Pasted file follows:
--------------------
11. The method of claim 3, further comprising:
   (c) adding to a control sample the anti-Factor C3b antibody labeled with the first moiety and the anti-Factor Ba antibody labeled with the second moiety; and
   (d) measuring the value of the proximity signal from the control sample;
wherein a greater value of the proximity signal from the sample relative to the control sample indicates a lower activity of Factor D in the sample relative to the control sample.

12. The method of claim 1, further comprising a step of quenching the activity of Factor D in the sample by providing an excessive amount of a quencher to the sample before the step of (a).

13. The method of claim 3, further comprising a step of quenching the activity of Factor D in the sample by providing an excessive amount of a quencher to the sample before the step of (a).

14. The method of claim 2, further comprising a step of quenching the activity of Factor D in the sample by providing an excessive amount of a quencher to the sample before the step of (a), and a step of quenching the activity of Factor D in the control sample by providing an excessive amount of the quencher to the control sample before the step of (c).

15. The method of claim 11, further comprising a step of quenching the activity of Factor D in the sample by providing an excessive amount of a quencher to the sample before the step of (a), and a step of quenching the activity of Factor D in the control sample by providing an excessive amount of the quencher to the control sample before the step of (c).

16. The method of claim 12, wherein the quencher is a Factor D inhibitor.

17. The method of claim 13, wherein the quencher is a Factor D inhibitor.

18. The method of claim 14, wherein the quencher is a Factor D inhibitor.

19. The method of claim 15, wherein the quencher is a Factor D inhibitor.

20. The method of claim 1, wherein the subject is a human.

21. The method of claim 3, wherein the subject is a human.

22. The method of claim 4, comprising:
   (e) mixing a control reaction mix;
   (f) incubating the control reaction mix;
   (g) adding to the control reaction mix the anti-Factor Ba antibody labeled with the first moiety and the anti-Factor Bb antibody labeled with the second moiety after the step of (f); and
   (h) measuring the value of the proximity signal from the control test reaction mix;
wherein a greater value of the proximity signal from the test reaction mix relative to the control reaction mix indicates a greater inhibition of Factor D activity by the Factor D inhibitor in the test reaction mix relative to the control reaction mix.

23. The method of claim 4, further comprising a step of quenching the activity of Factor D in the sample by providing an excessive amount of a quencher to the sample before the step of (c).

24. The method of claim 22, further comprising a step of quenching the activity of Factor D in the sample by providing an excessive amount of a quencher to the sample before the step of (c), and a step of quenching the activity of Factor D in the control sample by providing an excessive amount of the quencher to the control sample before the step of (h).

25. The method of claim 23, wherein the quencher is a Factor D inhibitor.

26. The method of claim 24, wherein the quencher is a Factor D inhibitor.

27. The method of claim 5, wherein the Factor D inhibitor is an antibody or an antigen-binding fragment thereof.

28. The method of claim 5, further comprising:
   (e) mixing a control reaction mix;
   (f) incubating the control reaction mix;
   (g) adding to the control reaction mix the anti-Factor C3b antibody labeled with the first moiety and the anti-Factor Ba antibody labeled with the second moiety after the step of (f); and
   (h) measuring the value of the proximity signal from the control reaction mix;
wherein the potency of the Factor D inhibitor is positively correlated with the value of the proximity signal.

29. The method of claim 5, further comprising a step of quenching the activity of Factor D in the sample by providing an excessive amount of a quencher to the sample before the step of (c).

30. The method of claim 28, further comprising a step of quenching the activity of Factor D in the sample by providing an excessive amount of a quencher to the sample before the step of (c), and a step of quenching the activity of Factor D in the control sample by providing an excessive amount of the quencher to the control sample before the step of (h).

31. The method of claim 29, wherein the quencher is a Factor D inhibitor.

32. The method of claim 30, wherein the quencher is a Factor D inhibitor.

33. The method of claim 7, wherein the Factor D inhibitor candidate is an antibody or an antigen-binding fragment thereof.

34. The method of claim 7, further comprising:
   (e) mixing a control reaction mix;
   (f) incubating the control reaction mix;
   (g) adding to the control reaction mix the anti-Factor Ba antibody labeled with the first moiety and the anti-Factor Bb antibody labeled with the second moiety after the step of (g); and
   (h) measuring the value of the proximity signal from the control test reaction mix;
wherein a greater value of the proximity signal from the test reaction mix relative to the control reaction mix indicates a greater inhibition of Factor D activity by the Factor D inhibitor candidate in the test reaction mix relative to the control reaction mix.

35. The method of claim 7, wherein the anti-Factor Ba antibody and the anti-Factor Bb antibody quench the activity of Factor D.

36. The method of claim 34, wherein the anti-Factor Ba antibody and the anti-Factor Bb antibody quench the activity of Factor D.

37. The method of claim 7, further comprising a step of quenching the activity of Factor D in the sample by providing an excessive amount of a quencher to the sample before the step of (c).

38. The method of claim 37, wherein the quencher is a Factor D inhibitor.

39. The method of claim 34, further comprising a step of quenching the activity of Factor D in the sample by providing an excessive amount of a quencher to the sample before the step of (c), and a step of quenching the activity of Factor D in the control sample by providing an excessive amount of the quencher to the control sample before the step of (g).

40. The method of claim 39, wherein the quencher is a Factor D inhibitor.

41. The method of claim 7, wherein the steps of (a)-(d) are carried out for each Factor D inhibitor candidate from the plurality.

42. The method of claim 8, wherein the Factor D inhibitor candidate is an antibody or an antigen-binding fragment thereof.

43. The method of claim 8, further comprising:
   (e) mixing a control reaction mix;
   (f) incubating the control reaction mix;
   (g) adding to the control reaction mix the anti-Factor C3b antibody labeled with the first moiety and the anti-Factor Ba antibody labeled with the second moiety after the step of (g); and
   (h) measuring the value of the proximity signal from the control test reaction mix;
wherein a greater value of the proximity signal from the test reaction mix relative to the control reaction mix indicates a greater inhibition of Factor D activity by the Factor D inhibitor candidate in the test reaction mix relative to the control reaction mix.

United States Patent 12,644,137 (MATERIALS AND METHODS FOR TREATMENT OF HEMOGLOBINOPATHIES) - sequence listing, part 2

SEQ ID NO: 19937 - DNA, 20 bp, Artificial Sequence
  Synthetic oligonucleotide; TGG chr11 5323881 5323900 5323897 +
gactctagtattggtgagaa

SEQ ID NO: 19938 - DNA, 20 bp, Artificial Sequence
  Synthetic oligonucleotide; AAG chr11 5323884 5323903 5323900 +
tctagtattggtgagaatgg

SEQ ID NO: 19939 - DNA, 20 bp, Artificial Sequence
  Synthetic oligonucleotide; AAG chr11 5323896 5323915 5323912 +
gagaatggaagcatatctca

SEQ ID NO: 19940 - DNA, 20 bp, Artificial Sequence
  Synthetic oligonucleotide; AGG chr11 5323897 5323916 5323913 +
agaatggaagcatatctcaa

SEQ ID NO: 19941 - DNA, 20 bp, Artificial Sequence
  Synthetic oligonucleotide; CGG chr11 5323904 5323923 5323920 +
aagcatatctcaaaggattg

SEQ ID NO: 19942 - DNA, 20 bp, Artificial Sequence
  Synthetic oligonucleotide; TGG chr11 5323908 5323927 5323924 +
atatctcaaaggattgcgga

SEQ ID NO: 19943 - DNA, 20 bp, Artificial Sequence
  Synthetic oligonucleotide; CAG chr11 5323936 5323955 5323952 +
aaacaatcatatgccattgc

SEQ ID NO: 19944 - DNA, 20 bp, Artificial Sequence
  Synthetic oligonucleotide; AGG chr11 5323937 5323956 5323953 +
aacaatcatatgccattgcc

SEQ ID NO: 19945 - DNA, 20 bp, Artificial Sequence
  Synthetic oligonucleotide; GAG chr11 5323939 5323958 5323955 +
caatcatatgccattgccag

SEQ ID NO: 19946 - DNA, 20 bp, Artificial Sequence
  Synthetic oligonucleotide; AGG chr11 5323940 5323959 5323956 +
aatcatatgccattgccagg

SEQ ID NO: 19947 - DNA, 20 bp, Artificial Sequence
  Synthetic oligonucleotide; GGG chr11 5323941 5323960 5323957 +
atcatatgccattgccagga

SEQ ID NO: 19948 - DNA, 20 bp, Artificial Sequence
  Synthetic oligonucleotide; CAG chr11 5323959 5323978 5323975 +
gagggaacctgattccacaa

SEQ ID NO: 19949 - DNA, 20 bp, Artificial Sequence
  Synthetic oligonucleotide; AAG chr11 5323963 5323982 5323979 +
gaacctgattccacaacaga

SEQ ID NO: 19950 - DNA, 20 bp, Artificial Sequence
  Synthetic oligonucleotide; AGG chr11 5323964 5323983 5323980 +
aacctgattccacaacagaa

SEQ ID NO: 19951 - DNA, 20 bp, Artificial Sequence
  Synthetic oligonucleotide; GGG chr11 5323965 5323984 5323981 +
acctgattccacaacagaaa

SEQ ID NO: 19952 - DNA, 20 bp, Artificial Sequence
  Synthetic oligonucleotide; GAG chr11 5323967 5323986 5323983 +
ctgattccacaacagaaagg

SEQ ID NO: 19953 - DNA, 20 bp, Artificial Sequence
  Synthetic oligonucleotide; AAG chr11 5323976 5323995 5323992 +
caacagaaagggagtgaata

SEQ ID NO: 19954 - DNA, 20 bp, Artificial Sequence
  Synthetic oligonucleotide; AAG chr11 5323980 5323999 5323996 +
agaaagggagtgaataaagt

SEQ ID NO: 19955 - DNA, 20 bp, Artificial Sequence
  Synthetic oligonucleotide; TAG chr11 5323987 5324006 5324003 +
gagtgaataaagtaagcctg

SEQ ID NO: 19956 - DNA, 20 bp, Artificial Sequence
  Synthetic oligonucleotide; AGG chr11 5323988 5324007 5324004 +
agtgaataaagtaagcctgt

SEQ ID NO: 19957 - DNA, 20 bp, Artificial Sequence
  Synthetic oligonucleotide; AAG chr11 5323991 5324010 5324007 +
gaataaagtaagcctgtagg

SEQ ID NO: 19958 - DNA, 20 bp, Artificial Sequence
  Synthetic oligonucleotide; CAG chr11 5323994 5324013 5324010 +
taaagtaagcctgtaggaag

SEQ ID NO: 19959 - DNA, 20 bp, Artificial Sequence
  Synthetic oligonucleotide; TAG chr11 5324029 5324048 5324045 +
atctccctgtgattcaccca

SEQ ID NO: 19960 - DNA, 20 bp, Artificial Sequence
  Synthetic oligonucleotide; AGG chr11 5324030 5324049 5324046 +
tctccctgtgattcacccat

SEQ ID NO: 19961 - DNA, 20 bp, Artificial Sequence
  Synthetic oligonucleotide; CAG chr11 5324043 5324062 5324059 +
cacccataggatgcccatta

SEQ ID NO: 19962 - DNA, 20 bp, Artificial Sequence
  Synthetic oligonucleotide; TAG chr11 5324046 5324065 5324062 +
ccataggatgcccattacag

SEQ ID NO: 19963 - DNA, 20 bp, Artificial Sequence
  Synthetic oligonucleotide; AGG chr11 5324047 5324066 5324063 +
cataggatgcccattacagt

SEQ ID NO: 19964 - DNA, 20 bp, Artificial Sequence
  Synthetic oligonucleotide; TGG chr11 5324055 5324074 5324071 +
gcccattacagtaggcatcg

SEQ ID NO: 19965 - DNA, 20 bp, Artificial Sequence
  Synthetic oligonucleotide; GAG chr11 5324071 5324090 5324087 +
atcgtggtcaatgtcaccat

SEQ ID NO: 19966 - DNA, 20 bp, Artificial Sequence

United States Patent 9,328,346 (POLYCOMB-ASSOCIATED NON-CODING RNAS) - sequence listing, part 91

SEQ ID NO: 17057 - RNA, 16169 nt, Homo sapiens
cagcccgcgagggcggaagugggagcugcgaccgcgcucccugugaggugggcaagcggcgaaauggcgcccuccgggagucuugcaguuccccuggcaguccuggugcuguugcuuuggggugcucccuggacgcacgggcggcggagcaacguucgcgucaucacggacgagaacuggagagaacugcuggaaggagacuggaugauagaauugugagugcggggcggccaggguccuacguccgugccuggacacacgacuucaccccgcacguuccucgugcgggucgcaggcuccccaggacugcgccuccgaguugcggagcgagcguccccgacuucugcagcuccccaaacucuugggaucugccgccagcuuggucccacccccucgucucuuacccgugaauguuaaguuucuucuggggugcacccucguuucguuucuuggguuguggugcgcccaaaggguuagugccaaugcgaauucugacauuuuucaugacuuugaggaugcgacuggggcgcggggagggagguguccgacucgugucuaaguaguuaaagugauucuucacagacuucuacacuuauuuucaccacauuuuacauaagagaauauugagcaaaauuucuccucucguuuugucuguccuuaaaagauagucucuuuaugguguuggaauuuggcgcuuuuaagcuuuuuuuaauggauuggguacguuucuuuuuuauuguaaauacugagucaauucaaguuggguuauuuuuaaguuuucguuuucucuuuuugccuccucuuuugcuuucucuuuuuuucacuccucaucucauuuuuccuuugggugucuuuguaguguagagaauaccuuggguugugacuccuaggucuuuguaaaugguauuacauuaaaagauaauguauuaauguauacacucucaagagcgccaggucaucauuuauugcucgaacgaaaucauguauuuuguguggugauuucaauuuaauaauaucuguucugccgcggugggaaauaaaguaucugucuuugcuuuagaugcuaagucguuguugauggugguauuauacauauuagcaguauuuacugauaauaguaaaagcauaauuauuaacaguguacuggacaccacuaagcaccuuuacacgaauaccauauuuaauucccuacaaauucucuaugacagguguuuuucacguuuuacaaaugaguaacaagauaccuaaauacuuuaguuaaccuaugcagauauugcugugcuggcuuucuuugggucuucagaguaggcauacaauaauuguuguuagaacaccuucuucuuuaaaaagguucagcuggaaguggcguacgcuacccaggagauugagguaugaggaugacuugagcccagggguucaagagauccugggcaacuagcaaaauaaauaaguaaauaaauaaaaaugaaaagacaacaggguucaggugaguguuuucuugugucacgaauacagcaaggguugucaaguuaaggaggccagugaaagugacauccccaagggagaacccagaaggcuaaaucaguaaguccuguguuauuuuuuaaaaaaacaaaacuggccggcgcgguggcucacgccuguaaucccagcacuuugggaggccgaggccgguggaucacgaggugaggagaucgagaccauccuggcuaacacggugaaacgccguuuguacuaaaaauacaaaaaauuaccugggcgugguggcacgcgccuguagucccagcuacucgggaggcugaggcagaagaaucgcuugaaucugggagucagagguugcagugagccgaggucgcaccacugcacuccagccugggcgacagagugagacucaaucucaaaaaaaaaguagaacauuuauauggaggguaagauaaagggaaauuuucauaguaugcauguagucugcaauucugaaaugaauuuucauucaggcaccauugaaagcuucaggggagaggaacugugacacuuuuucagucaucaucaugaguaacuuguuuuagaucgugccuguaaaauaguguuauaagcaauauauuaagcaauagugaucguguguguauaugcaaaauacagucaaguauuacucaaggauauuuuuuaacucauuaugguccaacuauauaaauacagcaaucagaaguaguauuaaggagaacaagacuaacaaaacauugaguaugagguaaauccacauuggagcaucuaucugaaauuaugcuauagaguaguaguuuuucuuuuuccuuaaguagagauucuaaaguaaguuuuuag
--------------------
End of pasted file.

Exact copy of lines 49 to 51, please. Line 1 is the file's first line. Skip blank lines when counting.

41. The method of claim 7, wherein the steps of (a)-(d) are carried out for each Factor D inhibitor candidate from the plurality.

42. The method of claim 8, wherein the Factor D inhibitor candidate is an antibody or an antigen-binding fragment thereof.

43. The method of claim 8, further comprising: